Living in Los Angeles was fun while it lasted. Crowded, pretentious, phony, pricey, and absolutely polluted. I lived in the city proper for five years before pulling the plug. One day it was doable and the next I felt every fiber in my being pleading “Go and go now.”
But to be fair, I never wanted to live in a city, let alone a sprawling, traffic-choked beast like LA. When it came to cities, my heart was in places like Paris or Amsterdam but even then, just for a visit.
Shortly before leaving Los Angeles three events occurred that made me feel like I made the right decision. First, a drive-by shooting that happened at night within a block of our apartment. I wrote about this little event. In fact, it was my first ever blog post, dating back to 2002 if I remember correctly. This post was picked up and syndicated to over three hundred outlets around the country.
Then a run-in with a gang family a block in the other direction. Let me also remind you I was living a block south of Beverly Hills, so not exactly a “rough” area. I somehow offended the father who was driving their vehicle and before I knew it the entire family was throwing gang signs at me with the windows rolled down. Even the small children in the backseat were shouting death threats while throwing signs with their tiny fingers. (People love me.)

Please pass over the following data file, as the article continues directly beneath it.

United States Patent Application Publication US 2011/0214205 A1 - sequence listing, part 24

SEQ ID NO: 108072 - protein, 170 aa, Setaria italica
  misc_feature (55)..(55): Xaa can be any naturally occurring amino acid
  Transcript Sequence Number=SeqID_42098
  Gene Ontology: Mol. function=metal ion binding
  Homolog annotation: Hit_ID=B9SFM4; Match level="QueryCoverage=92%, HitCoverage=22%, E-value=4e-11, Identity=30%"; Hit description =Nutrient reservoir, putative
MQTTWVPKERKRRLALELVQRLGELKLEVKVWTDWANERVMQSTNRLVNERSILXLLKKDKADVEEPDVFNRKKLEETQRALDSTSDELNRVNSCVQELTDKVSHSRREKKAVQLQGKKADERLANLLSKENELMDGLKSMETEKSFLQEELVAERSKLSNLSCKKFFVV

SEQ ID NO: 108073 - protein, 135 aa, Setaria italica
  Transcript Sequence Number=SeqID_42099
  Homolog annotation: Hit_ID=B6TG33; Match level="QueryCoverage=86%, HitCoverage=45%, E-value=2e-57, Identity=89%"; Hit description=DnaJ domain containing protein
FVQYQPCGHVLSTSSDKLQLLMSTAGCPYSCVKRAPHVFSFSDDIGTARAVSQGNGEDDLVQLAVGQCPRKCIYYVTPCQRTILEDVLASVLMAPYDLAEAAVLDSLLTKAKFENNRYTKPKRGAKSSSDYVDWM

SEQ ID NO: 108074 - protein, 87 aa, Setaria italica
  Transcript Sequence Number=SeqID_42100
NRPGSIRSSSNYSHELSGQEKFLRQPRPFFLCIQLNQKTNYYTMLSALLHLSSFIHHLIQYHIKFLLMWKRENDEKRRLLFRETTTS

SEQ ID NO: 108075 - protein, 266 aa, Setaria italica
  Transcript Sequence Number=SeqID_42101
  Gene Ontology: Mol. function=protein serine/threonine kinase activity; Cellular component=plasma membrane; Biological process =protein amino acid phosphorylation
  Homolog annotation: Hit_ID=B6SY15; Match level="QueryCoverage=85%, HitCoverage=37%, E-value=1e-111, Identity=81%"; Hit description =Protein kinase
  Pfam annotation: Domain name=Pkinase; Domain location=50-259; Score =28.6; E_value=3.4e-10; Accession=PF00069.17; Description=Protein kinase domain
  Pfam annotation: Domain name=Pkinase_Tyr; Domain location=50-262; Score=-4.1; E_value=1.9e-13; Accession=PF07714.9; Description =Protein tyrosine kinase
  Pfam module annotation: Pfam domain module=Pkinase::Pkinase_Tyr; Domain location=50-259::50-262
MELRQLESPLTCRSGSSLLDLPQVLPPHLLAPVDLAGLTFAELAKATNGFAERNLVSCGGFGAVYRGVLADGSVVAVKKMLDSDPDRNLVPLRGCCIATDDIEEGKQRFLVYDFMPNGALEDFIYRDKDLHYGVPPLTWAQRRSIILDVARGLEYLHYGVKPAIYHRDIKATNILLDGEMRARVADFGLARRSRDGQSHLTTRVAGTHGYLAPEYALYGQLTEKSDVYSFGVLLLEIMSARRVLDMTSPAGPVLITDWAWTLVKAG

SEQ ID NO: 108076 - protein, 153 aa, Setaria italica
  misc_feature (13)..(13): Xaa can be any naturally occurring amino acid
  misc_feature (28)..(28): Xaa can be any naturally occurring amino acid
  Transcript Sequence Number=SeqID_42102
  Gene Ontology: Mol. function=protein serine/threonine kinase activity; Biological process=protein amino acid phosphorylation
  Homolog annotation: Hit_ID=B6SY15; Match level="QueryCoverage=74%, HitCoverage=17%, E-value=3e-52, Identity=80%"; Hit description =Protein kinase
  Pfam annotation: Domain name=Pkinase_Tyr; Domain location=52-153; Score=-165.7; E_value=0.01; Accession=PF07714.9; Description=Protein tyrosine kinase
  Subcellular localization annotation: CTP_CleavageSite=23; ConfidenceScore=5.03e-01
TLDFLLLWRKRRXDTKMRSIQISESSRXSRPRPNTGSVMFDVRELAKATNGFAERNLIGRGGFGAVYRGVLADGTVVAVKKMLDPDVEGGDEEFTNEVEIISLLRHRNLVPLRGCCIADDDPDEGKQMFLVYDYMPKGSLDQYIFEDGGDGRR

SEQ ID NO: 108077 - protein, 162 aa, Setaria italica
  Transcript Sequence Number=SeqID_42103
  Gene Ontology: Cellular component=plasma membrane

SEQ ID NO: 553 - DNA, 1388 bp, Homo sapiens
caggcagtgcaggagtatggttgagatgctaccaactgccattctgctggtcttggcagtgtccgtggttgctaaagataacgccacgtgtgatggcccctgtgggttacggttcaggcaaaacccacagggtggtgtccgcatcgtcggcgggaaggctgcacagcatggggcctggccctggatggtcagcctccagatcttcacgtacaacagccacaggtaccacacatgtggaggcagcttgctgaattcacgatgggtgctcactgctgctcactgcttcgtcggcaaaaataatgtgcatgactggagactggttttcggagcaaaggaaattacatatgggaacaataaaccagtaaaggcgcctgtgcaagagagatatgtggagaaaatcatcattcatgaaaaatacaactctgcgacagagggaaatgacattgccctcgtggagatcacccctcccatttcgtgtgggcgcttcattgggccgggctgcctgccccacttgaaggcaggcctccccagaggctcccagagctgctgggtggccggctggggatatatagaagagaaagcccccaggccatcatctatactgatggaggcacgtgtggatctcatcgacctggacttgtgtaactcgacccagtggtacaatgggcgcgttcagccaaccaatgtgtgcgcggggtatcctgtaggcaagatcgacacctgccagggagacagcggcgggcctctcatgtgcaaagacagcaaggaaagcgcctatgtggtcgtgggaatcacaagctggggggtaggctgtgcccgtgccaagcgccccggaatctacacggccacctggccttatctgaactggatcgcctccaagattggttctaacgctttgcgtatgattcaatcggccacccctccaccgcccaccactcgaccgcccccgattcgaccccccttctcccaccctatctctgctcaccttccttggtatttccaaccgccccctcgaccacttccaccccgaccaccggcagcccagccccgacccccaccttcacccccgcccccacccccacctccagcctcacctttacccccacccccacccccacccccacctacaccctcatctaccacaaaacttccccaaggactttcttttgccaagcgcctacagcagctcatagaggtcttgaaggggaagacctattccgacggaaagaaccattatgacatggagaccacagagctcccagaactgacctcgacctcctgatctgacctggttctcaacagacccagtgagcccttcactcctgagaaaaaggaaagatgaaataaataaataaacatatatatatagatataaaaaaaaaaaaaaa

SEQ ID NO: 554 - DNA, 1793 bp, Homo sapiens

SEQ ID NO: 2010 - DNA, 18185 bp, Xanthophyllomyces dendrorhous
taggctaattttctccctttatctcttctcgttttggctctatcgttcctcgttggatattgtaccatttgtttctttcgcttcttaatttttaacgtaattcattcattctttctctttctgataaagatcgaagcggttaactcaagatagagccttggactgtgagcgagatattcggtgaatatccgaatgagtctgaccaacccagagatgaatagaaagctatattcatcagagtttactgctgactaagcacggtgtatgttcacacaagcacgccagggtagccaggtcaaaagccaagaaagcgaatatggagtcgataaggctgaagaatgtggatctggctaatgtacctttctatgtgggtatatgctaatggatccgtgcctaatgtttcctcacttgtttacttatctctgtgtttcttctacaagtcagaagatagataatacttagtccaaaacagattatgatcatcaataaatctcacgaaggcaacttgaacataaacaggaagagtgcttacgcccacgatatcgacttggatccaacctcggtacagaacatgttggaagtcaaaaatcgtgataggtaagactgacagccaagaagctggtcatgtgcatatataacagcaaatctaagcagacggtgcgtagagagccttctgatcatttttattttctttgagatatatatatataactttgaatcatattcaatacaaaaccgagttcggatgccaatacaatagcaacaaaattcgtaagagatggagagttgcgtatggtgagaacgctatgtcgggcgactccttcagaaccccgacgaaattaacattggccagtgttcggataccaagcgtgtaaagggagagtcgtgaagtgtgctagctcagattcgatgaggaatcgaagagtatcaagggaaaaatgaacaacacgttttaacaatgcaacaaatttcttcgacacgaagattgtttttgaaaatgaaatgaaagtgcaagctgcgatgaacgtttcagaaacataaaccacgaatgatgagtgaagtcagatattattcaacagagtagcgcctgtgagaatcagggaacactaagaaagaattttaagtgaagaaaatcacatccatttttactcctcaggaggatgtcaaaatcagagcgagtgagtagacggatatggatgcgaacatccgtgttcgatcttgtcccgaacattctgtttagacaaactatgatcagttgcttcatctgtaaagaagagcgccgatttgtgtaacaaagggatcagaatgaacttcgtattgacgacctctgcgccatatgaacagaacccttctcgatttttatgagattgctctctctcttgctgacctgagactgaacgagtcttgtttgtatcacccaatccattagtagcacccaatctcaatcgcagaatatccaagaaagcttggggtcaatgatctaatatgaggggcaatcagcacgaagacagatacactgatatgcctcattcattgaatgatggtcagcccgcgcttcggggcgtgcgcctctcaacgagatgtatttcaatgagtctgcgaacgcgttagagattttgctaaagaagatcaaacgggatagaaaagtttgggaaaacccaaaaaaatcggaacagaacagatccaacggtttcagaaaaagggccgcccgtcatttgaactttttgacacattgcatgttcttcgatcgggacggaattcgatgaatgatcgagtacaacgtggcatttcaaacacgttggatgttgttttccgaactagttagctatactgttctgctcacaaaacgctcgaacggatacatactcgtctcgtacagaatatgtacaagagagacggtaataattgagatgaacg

And finally, what you see here on this page. Another drive by shooting but this time in broad daylight. A stolen car, two rival gang members, fully automatic weapons, the subsequent crash, etc., etc. A friend’s child was visiting our house when the shooting started. The apartment next door stitched its entire width by stray rounds.
I ran to the scene to make pictures, seconds after the shooting stopped, and was greeted by another photographer already on scene. (He had the shooter run past him still holding the machine pistol.) The police arrived but wanted no part of the scene, situation, or any responsibility. A jogger arrived and said, “Hey, one of the gunmen is hiding in the bushes a block away.” The LAPD officer looked at the jogger then asked for his ID. The jogger said, “I’m not joking, he’s RIGHT THERE.” The cop said, “Nothing I can do, if you want to clean up this neighborhood it’s on you.”
The truth is these events did not force us out or even really tarnish the situation and THAT is precisely why this is so dangerous. You become immune because you know they aren’t shooting at you.